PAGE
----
The Evolution of Offshore MaintenanceTue, 01/22/2013 - 11:00
More than 50 years ago, Hannes Keller, a 28-year old Swiss mathematician, was the first diver to ever get to a depth of 300m. At the time, it was widely believed that no human being could safely dive to depths beyond 90m, since several conditions start to aect the diver’s health at those great depths. After Keller’s achievements, oil companies such as Shell started sending divers routinely to depths of 300m for the maintainance of subsea infrastructure. The task was so demanding that it required divers aged 24-40 who could withstand the harsh conditions that diving to such depths implies.
The history of maintenance in the Mexican oshore oil and gas industry shares a similar beginning, when Pemex installed its first platforms to exploit the oilfields at Atún, Tiburón, and Arenque in 1961. Professional divers participated in the construction and maintenance of production infrastructure in the Gulf of Mexico since then, and some of today’s leading service providers built their businesses on early diving activities. One of these companies is Grupo Diavaz , whose President Luis Vázquez Sentíes travelled to Tampico to promote drilling fluids when he became aware that a diving company had just turned down a contract with Pemex. As he investigated the situation, he decided to start a commercial diving company, with his cousin, Ricardo Vázquez Adame, a professional diver, and his brother, Óscar Vázquez Sentíes, who worked at the time for the Mexican Petroleum Institute. The company, then called Constructora Subacuática Diavaz, began operations in 1973 with the main objective of providing commercial diving and maintenance services for oshore platforms and infrastructure.
Today, thousands of technicians and laborers work on oshore platforms, and their performance and safety still depend greatly on the correct operation of the infrastructure and equipment they operate daily, which is the main responsibility of people executing adequate maintenance programs. Even though many of these tasks are today undertaken by automated technological tools, such as remotely operated vehicles (ROVs), there are still maintenance operations that need the specific skillset that a professional diver can bring.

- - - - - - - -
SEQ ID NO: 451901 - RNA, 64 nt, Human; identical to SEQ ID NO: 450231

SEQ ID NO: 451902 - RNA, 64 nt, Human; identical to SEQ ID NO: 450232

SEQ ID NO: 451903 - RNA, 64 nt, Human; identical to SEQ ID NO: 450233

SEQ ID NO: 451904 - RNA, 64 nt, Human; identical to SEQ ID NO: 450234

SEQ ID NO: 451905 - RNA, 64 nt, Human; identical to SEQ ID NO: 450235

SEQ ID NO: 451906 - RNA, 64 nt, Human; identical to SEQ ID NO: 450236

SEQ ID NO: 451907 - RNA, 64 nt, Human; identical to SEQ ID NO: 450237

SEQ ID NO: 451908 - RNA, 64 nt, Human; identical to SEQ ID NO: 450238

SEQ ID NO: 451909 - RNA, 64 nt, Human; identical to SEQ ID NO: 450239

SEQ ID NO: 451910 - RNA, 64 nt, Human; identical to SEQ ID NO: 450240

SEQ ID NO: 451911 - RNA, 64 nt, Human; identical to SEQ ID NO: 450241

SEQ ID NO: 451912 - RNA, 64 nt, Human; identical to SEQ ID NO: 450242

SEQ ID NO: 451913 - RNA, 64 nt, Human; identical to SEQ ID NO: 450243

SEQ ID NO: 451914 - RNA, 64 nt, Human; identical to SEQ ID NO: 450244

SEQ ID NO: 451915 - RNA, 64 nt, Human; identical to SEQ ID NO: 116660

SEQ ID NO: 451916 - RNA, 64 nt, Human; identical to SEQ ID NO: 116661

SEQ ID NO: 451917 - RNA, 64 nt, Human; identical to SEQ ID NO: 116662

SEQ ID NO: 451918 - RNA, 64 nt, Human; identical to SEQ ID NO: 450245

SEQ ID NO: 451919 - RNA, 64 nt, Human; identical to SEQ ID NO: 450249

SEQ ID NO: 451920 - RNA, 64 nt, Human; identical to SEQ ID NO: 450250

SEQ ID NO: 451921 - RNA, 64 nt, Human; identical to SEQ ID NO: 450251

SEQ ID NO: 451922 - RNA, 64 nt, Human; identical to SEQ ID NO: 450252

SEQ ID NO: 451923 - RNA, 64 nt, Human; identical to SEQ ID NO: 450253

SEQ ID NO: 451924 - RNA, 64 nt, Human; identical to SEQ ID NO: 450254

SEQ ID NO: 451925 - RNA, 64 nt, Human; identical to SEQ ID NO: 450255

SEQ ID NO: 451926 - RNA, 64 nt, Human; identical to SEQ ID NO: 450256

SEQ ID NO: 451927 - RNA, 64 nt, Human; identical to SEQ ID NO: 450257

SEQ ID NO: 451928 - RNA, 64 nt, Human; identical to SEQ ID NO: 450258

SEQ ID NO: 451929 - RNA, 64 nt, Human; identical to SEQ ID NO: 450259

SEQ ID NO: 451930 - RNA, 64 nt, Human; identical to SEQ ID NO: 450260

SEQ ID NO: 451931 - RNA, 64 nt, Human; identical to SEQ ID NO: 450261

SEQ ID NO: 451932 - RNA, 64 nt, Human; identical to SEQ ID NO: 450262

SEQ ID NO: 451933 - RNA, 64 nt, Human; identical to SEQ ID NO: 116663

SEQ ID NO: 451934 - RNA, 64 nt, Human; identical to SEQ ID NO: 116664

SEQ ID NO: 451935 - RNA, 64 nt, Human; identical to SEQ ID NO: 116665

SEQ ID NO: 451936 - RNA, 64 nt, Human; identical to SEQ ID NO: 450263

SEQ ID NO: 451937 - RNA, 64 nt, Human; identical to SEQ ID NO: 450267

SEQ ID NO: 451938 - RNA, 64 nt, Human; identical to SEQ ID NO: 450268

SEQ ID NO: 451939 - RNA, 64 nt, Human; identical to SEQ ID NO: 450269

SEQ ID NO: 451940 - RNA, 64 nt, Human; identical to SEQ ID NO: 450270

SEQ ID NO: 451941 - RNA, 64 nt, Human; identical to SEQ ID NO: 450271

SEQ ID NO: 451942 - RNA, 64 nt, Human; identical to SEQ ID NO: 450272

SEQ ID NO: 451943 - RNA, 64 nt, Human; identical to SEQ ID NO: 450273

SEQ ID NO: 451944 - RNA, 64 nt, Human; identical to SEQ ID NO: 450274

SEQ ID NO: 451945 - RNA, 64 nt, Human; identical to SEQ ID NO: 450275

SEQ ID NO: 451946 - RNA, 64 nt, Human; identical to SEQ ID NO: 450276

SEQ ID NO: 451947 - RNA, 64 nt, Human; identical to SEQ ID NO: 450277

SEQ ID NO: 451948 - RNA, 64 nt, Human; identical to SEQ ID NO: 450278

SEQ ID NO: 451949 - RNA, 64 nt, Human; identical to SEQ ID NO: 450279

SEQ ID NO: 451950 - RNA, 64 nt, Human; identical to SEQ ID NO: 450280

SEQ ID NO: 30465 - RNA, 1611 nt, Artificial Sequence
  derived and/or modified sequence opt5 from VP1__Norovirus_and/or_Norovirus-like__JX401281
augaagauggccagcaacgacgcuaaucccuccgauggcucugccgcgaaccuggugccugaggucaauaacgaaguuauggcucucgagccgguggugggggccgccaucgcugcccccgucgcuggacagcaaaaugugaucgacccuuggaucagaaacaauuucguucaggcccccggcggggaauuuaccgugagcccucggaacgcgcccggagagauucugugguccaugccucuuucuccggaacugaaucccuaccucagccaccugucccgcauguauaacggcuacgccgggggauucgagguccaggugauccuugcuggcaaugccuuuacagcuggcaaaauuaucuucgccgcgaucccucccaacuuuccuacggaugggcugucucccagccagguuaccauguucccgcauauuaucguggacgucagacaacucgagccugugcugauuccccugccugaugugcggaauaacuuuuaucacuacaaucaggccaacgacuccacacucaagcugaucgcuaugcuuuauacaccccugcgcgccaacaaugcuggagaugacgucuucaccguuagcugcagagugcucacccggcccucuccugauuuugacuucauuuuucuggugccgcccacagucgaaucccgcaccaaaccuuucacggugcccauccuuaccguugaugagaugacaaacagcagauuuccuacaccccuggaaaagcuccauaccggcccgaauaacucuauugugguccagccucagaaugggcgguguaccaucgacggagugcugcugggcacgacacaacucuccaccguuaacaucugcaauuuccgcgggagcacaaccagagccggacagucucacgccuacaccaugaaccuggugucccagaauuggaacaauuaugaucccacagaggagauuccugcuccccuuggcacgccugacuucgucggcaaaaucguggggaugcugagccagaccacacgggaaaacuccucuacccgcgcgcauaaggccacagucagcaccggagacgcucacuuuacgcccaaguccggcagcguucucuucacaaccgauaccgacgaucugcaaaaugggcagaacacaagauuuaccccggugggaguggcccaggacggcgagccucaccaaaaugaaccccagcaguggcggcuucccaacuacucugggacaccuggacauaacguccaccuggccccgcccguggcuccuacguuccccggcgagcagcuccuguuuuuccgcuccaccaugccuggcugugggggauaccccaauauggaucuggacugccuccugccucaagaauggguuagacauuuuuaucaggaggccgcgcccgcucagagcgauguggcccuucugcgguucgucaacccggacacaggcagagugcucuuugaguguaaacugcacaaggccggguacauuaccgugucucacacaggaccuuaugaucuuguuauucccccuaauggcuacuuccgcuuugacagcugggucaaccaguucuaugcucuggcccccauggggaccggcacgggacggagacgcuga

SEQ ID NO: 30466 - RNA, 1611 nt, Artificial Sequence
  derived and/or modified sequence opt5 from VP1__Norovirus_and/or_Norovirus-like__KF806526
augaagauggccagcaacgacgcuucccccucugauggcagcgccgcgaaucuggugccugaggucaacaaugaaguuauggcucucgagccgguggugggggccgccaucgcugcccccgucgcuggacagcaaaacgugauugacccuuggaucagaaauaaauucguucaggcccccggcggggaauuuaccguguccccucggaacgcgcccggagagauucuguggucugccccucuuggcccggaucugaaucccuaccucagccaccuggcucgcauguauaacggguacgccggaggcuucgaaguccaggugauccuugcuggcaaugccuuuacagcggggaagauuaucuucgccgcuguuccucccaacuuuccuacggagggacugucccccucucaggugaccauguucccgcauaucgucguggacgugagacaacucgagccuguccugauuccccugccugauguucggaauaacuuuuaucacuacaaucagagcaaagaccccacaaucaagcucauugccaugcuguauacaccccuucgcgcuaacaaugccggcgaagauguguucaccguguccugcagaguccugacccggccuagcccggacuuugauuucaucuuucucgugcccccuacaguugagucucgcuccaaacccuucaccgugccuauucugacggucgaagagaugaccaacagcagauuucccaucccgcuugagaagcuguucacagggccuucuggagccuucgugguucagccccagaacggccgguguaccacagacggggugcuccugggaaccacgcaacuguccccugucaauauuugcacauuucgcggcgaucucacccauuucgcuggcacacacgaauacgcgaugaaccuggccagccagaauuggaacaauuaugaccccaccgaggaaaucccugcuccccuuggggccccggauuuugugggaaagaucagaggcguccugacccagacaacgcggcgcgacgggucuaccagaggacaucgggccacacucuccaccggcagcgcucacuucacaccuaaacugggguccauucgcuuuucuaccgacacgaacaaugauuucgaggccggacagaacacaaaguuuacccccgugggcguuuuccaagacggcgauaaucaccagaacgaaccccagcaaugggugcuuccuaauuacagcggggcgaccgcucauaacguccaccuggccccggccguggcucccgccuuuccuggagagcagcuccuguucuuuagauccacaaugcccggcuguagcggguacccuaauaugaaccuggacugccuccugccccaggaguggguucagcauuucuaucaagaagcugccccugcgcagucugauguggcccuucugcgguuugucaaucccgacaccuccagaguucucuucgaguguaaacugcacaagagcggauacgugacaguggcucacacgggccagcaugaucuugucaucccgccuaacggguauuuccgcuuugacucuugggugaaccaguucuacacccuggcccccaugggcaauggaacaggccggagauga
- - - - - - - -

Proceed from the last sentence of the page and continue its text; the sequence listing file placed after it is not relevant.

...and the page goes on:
The maintenance eorts that Pemex executes today include both corrective and preventative upkeep assignments, in order to optimize the safety and uptime of oshore operations. “Pemex has become stricter in terms of taking care of its installations,” says Jorge Luis Díaz Reyes, head of non-destructive testing at Binsmar, a diving company based on oshore hub Ciudad del Carmen. “They are handling maintenance operations under stricter guidelines and are more focused on preventative inspections and maintenance, reducing downtime, and maintenance costs.” All of these oshore upkeep assignments that Pemex awards through maintenance contracts are intended to minimize the risk exposure of the people performing them: technology is playing an increasingly important role, both by replacing the need for human diving activities, and by reducing the total diving time based on technological advances that make subsea maintenance more time e·cient.
Being the third-most-dangerous occupation in the US, commercial diving remains a dangerous job, not only as a result of the long term health risks that the profession could trigger, but also of the hazards of using heavy machinery in challenging underwater conditions. Through advancements in technology and the incorporation of preventative and predictive maintenance, the Mexican oil and gas industry is looking at reducing the time that divers need to spend underwater performing maintenance services, but the commercial diving is destined to remain a cornerstone of oshore maintenance activities, and remains the foundation of companies such as Grupo Diavaz.